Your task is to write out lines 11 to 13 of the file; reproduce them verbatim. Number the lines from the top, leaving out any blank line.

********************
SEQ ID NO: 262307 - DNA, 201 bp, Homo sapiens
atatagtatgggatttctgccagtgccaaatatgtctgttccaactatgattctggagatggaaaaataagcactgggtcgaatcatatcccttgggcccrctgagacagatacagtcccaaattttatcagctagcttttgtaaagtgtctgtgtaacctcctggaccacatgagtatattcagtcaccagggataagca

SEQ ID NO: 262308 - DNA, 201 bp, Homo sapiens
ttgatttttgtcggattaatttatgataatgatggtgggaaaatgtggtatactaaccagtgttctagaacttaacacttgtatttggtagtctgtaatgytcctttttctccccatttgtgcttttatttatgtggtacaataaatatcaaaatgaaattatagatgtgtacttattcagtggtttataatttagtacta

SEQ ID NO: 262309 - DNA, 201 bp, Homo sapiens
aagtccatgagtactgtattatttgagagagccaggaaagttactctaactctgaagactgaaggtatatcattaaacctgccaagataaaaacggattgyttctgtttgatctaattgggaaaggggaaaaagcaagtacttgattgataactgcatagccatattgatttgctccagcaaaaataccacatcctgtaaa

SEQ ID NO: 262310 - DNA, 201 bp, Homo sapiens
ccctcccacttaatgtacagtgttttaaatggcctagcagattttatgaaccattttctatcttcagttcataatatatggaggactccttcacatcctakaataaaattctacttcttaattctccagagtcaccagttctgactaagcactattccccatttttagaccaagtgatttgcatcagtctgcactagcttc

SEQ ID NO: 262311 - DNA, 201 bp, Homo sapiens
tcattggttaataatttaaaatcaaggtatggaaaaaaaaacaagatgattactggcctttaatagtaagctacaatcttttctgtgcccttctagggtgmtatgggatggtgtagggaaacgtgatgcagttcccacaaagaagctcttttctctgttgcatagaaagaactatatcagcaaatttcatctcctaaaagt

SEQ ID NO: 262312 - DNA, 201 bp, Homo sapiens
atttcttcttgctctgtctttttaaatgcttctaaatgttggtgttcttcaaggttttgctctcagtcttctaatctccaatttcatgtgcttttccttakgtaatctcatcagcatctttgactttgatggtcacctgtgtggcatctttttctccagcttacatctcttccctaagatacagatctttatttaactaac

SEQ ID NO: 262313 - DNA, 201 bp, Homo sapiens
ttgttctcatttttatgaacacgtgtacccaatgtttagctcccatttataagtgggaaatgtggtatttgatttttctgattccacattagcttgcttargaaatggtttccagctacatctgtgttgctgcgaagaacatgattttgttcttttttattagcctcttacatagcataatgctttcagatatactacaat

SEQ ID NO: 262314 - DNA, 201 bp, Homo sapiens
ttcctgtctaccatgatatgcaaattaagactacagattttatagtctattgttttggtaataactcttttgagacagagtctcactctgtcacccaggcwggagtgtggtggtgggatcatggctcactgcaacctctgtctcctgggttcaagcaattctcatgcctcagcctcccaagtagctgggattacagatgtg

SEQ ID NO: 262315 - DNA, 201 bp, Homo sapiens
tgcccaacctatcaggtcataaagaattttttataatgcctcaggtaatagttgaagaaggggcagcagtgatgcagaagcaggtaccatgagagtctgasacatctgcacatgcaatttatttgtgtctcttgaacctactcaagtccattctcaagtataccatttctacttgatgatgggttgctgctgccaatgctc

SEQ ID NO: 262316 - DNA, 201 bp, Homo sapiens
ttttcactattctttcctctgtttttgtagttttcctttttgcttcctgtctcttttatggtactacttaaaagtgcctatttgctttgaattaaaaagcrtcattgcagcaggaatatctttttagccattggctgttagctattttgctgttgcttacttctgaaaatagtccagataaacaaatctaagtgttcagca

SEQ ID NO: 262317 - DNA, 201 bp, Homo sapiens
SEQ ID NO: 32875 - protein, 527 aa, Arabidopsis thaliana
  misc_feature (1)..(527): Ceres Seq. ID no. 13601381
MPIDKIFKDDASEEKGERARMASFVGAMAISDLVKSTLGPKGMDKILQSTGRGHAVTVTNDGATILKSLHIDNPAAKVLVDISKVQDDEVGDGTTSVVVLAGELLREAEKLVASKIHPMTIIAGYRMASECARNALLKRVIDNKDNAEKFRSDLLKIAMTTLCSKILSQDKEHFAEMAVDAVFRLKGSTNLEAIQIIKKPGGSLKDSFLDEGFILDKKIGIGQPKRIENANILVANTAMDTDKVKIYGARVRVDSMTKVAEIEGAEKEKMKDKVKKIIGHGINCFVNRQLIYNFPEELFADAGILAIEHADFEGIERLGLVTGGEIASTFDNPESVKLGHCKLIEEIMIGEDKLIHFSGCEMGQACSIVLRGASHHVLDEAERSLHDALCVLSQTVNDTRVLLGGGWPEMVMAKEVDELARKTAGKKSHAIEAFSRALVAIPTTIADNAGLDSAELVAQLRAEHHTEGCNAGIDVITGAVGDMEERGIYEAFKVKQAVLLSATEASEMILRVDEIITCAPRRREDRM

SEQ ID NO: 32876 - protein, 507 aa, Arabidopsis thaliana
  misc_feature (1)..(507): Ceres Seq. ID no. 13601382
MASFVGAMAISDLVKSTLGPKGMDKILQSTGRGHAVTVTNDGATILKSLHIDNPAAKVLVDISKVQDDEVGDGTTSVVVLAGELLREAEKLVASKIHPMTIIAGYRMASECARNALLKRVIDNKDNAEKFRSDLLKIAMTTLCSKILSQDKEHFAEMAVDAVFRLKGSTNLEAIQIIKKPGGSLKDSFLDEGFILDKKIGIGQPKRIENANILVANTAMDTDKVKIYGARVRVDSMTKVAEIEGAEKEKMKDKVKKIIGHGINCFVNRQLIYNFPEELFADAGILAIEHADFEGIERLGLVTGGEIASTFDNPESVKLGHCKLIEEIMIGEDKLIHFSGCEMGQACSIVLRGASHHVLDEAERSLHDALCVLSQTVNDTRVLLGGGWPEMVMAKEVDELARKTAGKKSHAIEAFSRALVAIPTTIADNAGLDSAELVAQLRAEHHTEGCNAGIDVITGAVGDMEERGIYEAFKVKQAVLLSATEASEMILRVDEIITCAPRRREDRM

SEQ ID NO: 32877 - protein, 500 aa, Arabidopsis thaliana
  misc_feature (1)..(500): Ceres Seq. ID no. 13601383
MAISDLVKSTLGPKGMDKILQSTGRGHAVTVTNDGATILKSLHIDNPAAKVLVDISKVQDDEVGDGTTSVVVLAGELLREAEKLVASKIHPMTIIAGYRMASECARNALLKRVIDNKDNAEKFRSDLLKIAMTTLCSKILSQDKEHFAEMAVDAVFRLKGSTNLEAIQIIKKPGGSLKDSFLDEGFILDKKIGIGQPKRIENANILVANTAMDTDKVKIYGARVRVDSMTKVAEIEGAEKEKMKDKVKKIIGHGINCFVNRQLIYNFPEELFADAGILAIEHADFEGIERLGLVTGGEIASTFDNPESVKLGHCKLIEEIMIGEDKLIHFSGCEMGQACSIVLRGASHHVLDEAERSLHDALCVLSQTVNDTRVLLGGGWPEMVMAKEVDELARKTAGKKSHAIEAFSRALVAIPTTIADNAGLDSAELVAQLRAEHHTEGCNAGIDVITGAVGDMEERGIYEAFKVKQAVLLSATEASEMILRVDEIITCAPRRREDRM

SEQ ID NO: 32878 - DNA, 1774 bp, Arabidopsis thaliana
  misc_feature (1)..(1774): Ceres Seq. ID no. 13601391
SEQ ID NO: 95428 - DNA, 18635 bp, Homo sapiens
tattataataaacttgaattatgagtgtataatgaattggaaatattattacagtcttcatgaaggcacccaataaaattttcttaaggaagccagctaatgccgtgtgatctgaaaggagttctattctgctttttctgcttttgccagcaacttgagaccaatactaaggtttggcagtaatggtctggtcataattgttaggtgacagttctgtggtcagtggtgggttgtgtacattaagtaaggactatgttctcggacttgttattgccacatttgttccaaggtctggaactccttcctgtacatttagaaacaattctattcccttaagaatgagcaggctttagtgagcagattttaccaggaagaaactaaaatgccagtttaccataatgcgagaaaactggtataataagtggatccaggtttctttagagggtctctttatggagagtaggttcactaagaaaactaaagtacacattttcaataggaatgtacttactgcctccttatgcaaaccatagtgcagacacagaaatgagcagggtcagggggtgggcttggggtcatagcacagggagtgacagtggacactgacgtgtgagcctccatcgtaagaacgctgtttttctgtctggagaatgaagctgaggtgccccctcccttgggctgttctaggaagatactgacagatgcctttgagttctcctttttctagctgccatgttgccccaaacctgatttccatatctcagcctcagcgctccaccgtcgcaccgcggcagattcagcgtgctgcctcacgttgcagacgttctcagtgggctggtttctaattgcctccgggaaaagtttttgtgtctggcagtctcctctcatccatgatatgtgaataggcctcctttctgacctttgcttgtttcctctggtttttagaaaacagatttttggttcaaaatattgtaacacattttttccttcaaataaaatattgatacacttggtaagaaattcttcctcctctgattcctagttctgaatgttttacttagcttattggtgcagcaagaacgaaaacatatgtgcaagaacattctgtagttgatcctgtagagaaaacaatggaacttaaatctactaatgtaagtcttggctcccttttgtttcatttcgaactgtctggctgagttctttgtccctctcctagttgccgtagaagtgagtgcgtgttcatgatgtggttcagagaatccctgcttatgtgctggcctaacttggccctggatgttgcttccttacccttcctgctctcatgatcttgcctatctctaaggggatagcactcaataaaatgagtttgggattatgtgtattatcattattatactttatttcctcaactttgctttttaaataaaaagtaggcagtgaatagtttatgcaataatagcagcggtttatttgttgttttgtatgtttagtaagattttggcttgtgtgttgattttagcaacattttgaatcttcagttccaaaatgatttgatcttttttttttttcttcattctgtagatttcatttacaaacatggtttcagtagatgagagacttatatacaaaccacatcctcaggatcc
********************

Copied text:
SEQ ID NO: 262312 - DNA, 201 bp, Homo sapiens
atttcttcttgctctgtctttttaaatgcttctaaatgttggtgttcttcaaggttttgctctcagtcttctaatctccaatttcatgtgcttttccttakgtaatctcatcagcatctttgactttgatggtcacctgtgtggcatctttttctccagcttacatctcttccctaagatacagatctttatttaactaac

SEQ ID NO: 262313 - DNA, 201 bp, Homo sapiens